By Jan Hubbard
When I first began covering sports as a newspaper writer, I heard the most difficult athletes to work with were baseball players. There were several theories.
– The sport was so statistically oriented that it made players more selfish, thus more sensitive to inquiries and criticism.
– Unlike football and basketball players, many baseball players went straight from high school to the minor leagues and did not have the benefit of college, thus they had collectively less maturity.
– Baseball players simply were not as smart as other athletes.
On one of my first trips into the Texas Rangers clubhouse, I asked a prominent player what I thought was a pretty good question and this was his response:
“Anyone who asks the kind of questions you ask shouldn’t be covering sports.”
Sports? Hey, if he’d said I was lousy at baseball questions, he would have had some credibility. But all sports? That hurt.
In 2006 and 2007, I was a regular beat writer covering the Rangers and I’m happy to tell you that as a group, if baseball players have changed. You won’t find nicer athletes anywhere than guys like Michael Young, Kevin Millwood, Jerry Harrison Jr., or Mark DeRosa. And spending two springs in Surprise, Arizona, allowed me to understand the magic of spring training, and thus the magic I thought existed in baseball when I was a kid.
At times, like other sports, baseball has been soiled by big business. But there still is a romanticism and purity about it that is unmatched and that’s all a part of the excitement we feel about the postseason.
Much of it is about history and tradition. There is so much more of it in baseball than other sports. Consider the obvious:
The National League began play in 1875 and the American League began in 1901.
Compare that to the NFL, which began in 1920 and was around almost 50 years before it began attracting mass attention. The NBA began in 1946 and as late as the early 1980s, the league was so unpopular that its championship series was broadcast on tape delay.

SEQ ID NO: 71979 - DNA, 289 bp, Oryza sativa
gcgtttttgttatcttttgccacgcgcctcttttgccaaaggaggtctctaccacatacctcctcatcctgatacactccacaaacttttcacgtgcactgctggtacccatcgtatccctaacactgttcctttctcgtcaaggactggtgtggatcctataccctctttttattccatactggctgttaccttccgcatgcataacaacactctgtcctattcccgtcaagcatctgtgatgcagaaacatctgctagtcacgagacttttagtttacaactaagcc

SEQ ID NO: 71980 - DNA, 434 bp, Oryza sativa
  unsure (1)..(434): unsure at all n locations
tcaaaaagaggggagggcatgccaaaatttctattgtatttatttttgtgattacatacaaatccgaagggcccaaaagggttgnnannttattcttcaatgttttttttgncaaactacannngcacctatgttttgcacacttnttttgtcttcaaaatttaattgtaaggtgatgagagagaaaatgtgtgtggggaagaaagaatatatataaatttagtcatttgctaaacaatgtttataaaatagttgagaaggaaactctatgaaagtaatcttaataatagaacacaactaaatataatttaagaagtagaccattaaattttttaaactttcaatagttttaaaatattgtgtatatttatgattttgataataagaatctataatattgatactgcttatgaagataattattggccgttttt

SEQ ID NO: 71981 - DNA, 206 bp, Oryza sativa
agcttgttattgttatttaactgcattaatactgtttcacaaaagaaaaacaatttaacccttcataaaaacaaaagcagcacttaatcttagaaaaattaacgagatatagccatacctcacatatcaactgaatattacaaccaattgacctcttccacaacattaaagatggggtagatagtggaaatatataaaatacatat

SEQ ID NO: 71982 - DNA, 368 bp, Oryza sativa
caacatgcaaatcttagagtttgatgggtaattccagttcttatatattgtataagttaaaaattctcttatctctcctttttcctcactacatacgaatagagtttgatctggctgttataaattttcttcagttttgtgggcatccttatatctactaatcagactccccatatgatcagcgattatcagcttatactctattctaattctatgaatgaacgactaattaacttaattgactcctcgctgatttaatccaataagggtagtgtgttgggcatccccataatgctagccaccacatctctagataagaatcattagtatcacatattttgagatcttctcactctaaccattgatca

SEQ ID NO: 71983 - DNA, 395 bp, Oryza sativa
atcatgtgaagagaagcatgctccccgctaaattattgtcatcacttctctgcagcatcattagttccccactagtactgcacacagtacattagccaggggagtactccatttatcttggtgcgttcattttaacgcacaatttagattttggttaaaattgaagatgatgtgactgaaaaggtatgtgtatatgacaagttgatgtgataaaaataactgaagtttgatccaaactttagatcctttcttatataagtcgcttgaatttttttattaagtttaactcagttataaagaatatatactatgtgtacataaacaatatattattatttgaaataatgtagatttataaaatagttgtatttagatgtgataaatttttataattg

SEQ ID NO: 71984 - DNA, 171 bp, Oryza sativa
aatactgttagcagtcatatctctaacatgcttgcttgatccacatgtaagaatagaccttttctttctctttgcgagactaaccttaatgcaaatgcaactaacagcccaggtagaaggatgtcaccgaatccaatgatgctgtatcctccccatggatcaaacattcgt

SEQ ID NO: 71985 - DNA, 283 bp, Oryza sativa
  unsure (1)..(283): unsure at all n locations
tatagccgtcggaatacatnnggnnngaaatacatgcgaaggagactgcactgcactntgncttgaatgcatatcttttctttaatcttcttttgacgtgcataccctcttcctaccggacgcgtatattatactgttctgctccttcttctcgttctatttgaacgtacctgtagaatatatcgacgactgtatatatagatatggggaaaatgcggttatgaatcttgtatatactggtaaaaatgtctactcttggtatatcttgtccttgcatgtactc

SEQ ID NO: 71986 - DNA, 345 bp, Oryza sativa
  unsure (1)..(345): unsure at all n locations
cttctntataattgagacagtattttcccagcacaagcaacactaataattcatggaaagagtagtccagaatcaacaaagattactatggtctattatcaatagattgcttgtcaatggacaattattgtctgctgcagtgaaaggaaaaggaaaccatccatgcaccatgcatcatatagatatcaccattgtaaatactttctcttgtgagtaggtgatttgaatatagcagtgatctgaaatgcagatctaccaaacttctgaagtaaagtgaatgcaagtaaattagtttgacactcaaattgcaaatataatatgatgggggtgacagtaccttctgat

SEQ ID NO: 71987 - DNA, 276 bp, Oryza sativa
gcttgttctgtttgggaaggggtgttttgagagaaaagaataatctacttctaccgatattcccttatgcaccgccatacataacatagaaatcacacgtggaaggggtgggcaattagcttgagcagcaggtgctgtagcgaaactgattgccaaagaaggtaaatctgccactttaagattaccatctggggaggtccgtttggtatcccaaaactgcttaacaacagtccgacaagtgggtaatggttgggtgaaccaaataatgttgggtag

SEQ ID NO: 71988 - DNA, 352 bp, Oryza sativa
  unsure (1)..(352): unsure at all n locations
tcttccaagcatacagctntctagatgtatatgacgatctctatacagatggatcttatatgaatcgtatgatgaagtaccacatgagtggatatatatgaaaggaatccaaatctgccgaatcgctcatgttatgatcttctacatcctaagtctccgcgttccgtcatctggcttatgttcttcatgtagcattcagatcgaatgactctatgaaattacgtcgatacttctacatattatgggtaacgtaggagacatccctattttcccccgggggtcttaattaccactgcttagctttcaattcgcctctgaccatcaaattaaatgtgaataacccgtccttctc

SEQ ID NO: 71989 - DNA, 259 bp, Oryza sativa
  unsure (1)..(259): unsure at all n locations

The NFL, of course, has now far surpassed MLB as the top sport in America. The NFL is so dominant that it draws more TV viewers than even the top entertainment shows. Consider the local reality:
A meaningless Cowboys preseason game will draw more local viewers than the top-rated Rangers regular season game, even against a team like the Yankees. And a Cowboys playoff game will blow away the Rangers and the Mavericks, even if they are in a championship series.
Yet even though it does not translate into eyes watching TV, we have seen the last few years how a pennant race brings out the baseball fan in all of us. That love of the game was passed down from generations in the first half century to the baby boomers – who still loved baseball more than other sports – and they have successfully passed it to their sons and daughters, who have passed it to their sons and daughters.
It’s also been 16 years since baseball had a nasty labor battle between players and owners. When the World Series was cancelled because of a labor dispute in 1994, baseball fans were slower to forgive than fans in other sports. Oddly, it was the steroid-infused home run derbies of the late 1990s that, well, fueled some of the interest in baseball, but that fans returned.
But the fans are back and, as always, baseball seems to have produced an exciting story. The Washington Nationals are the first baseball team from Washington to make the postseason since 1933. That is amazing.
In 1933, the NFL was the afterthought and the NBA was 13 years away from being born. That longevity has sustained the passion for baseball. It’s an old friend, and no matter how old you are, it’s been around all of our lives.